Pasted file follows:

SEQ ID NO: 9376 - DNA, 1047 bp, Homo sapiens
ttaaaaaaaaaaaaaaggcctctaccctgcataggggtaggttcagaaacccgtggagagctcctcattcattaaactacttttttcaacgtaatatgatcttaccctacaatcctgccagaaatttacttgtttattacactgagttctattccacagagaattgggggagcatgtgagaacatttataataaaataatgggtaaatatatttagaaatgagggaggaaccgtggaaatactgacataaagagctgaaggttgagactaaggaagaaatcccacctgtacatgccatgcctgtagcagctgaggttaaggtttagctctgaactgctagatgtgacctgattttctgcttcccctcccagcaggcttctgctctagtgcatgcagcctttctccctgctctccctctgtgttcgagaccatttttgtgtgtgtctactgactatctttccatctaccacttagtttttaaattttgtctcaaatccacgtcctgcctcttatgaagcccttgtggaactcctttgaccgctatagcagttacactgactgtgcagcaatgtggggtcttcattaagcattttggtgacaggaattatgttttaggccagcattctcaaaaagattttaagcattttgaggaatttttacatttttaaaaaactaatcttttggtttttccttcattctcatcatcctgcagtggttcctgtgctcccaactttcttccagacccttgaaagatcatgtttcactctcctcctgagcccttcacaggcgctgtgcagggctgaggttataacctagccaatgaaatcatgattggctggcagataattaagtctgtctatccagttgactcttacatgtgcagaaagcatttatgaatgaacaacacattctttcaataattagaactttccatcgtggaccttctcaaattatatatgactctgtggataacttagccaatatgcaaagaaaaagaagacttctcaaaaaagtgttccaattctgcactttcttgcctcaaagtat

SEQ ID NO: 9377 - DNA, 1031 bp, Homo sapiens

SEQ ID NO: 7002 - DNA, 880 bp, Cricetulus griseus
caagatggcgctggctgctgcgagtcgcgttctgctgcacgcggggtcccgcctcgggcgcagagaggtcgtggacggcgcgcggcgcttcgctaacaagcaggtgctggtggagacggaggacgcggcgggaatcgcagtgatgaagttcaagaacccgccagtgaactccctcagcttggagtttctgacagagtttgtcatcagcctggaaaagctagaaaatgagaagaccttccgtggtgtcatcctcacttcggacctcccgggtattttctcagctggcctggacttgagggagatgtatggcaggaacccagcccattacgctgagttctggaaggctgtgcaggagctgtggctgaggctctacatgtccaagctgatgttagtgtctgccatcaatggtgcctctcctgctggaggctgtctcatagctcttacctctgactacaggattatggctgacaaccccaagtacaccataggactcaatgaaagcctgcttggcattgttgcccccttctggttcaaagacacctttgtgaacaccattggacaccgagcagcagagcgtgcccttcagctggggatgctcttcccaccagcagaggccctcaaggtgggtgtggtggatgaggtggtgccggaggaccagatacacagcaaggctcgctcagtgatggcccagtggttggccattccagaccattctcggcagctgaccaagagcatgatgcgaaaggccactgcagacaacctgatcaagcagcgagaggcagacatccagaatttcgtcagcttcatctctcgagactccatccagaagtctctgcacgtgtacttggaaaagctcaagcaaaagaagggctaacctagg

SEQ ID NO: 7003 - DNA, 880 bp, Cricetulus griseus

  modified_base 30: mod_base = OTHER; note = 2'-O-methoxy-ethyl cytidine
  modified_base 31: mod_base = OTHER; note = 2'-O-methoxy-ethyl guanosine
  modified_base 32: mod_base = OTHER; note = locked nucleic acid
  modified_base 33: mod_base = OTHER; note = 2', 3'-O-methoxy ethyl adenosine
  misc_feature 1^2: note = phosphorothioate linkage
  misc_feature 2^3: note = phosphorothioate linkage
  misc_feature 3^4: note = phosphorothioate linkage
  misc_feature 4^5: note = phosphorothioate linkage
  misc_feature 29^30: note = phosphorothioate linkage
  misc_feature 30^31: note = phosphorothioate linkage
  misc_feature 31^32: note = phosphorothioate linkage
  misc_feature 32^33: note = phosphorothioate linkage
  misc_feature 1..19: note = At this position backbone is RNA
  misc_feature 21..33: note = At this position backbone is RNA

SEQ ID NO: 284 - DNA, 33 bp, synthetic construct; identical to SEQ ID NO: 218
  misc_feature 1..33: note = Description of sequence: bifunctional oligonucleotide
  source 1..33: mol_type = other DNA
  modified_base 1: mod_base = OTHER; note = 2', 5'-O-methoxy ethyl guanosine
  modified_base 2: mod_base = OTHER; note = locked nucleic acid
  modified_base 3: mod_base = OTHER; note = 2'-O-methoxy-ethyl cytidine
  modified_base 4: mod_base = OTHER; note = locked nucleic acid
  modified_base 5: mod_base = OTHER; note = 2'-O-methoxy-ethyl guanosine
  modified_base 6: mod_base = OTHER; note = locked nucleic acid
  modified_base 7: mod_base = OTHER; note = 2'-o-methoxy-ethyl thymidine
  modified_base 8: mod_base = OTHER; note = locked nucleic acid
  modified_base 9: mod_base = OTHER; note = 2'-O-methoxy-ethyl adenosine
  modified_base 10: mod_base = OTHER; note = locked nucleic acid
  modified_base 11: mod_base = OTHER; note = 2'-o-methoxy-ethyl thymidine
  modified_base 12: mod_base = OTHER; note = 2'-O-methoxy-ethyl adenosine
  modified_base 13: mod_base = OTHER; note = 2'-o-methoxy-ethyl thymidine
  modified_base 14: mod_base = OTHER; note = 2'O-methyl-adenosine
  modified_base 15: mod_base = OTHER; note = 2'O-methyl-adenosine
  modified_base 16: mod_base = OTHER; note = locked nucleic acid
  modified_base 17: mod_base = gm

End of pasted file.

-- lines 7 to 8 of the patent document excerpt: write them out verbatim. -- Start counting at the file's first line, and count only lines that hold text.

  modified_base 30: mod_base = OTHER; note = 2'-O-methoxy-ethyl cytidine
  modified_base 31: mod_base = OTHER; note = 2'-O-methoxy-ethyl guanosine